“People say hang up your bike, you’re finished, you’re never going to get back and it just makes me laugh. I know I can get there. It’s going to take time and I’ve got a lot of work to do, but I’m prepared to do that work. That’s what drives me and that’s what gets me out of bed in the morning.”
Today, on the brutal slopes of Alpe d’Huez, Chris Froome taught us all a lesson. Three years on from a training crash which almost cost him his life – a broken pelvis, femur and four ribs, plus the loss of four pints of blood just a few of the injuries he sustained – he was fighting for the win in one of the biggest mountain stages of this year’s Tour de France. Honestly, I can admit that is a sentence I didn’t think I would be writing this year.
As Froome himself outlines in the quote above (taken from the YouTube video he published May 2021 titled ‘Chris hits back’) I wasn’t the only person who doubted the British rider’s ability to return to the highest level of professional cycling. Froome has been honest and vocal about the swathes of messages he receives from fans telling him that he should retire, that he will never be able to compete with the fresh, young generation that is taking over the modern racing scene.
It only took a glance on social media as Froome suffered around the Tour de France last year – finishing outside the top-100 riders in almost every stage – to see how heavily weighted the public opinion was against the 37-year-old. Many of us seemed to forget that this is a man who has won the Tour four times before, and results like that don’t come from nowhere. Form is fleeting and temporary and it can be brought back with training and hard work. The skill, raw talent and tactical astuteness that one needs to win bike races, on the other hand, is something that's hard to learn, and is rarely forgotten.
But the lesson that Froome taught us all today, is that it really only matters if one person believes: yourself. As he bridged across to the break with Ineos Grenadier rider and eventual stage winner Tom Pidcock, rode strongly on the Col de la Croix de Fer and then hung on to the leaders until there were just eight kilometres of the stage remaining, Froome reminded us all of his resilience, unwavering self-confidence and determination that make him a truly great cyclist. Traits about the Brit that might of slipped our minds, but ones that he utilised over the toughest period of his career. Regardless of the physical form he lost due to his crash, these are qualities that he will always have, and it's why we were mistaken to ever count him out.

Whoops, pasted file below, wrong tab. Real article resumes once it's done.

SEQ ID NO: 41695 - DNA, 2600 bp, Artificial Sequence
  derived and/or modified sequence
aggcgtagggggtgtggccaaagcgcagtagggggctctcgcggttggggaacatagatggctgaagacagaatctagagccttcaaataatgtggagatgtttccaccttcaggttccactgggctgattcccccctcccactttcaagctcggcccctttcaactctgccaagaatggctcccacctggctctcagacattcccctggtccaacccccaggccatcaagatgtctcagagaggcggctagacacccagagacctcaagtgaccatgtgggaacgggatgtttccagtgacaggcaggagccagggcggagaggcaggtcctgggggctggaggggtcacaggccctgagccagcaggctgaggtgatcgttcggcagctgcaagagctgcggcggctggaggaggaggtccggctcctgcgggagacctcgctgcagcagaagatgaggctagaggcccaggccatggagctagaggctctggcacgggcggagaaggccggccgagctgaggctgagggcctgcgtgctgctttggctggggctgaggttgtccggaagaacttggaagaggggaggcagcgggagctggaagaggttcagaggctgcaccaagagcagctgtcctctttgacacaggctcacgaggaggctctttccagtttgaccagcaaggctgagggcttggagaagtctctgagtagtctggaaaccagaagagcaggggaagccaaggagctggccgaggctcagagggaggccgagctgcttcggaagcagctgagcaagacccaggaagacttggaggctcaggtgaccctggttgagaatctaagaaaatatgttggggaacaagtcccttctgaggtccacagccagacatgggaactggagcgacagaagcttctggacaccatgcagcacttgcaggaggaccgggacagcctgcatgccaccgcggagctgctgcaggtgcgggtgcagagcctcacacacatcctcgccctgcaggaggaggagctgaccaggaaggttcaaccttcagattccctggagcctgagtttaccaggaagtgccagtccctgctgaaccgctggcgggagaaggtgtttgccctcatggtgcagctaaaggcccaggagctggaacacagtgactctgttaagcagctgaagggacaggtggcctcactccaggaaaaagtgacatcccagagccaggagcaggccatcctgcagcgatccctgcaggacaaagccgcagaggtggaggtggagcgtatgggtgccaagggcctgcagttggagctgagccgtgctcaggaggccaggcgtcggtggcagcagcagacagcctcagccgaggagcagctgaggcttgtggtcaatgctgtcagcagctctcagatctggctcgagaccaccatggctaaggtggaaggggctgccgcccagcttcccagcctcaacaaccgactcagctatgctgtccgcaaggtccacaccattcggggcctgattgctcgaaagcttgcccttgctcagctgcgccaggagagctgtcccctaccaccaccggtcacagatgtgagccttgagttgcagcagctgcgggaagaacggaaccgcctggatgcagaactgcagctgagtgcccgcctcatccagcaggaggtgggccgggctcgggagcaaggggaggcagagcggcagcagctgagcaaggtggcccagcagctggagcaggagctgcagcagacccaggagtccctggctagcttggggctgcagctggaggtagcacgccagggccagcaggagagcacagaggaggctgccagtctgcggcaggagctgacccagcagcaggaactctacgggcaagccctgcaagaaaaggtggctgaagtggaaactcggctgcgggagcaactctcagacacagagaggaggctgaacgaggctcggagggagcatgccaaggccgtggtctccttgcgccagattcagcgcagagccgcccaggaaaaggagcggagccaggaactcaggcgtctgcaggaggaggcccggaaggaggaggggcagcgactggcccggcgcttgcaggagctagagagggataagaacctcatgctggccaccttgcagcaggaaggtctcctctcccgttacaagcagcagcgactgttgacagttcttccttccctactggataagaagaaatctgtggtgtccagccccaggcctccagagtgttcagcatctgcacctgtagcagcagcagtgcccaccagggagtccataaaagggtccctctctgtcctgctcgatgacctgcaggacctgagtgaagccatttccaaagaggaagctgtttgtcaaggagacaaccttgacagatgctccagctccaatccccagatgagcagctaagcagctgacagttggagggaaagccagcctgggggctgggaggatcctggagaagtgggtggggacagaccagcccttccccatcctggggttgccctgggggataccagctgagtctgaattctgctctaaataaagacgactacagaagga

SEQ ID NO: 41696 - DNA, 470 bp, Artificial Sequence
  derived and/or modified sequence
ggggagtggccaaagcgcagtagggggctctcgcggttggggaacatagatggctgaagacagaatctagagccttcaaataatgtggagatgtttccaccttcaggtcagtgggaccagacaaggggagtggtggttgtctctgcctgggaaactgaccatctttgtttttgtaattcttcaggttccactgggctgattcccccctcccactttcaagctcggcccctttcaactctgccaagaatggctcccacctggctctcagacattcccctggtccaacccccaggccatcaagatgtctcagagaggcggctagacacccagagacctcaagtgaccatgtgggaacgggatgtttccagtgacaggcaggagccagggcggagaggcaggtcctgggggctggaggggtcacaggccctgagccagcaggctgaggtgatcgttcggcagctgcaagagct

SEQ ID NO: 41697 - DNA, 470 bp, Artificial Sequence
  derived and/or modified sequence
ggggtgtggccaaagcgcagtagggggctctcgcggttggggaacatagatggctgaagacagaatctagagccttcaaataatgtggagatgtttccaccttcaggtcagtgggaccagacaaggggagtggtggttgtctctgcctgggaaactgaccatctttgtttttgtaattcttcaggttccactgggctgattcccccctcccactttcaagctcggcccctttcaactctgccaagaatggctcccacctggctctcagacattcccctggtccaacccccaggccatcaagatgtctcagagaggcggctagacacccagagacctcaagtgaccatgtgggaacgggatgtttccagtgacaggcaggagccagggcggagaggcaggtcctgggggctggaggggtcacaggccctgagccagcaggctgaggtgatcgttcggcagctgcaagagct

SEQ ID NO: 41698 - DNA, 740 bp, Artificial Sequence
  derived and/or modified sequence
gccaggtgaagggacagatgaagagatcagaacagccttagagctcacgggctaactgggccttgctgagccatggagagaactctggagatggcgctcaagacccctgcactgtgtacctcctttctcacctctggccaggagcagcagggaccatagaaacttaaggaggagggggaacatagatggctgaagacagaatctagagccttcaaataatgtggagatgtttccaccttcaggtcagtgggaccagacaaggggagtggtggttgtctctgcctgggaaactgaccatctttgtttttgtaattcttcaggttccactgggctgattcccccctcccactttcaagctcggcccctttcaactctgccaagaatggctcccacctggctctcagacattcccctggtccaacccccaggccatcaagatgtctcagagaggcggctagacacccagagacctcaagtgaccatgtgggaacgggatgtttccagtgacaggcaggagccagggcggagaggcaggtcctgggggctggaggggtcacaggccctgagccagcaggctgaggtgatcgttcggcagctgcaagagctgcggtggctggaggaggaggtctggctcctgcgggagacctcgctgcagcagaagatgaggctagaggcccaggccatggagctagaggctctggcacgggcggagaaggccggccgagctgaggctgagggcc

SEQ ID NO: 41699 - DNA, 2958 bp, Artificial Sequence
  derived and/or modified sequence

Image by James Startt
After today's stage kudos should be given to his team, Israel-Premier Tech, too. They’ve dealt with scrutiny and public scorn in the past for their investment in older riders like Froome, with many believing that they should spend their budget on newer, emerging talent. Froome himself has thanked one of his team’s main backers, businessman and Israeli-Canadian billionaire, Sylvan Adams, for his steadfast trust in the Brit to come back to his former glory. While most of us counted Froome out, Israel-Premier Tech put money, resources and time into the four-time Tour winner’s recovery, and today was the beginning of them reaping the rewards for their risk.
It would be remiss not to mention that Chris Froome hasn’t always been the flavour of the month with cycling fans. When he had an adverse analytical finding for salbutamol in 2017, spectators dressed up as giant inhalers and ran alongside the British rider as he was on his way to winning the queen stage of the Giro d’Italia a year later. Froome’s sometimes blunt – perhaps even a little robotic – answers in interviews also didn’t help the public perception of him in his heyday, with many putting Froome’s performances down to Team Sky’s famous mountain train which was often seen to largely neutralise and detract from exciting racing in past Tour de France stages.
But regardless of your feelings about Froome, it was hard not to be happy to see his famous style back at the front of a bike race today. With his elbows akimbo, head tilted down towards his handlebars, and long, gangly limbs spinning in that trademark high cadence style, Froome inspired us all, showing a resilience that we can apply in all walks of life, one that transcends bike racing. It’s hard not to root for the comeback of a man who was once at the heights of greatness, was forced back down to the bottom with a sudden and literal bang, and has steadily worked his way up to the top of the sport with grit, focus and a very thick skin.
Of course, today wasn’t the fairytale ending to a perfect comeback story. Froome still finished third on the stage, a little over two minutes down on Pidcock and only just holding off the GC favourites that were approaching worryingly quickly behind him. But for Chris Froome to be in the breakaway of a Grand Tour is a sign that he is well and truly back in business.
The journey he has taken to get there is a sign to us all to never give up on those dreams. As long as Froome is racing, he’s fighting to win Grand Tour stages, because he never lost the grit and resoluteness that has won him so many races in the past. Based on his performances today, we could well see Froome’s return to the top step of the podium happen during this year’s Tour de France, and wouldn't that be a comeback for the ages.
Cover image by Getty Images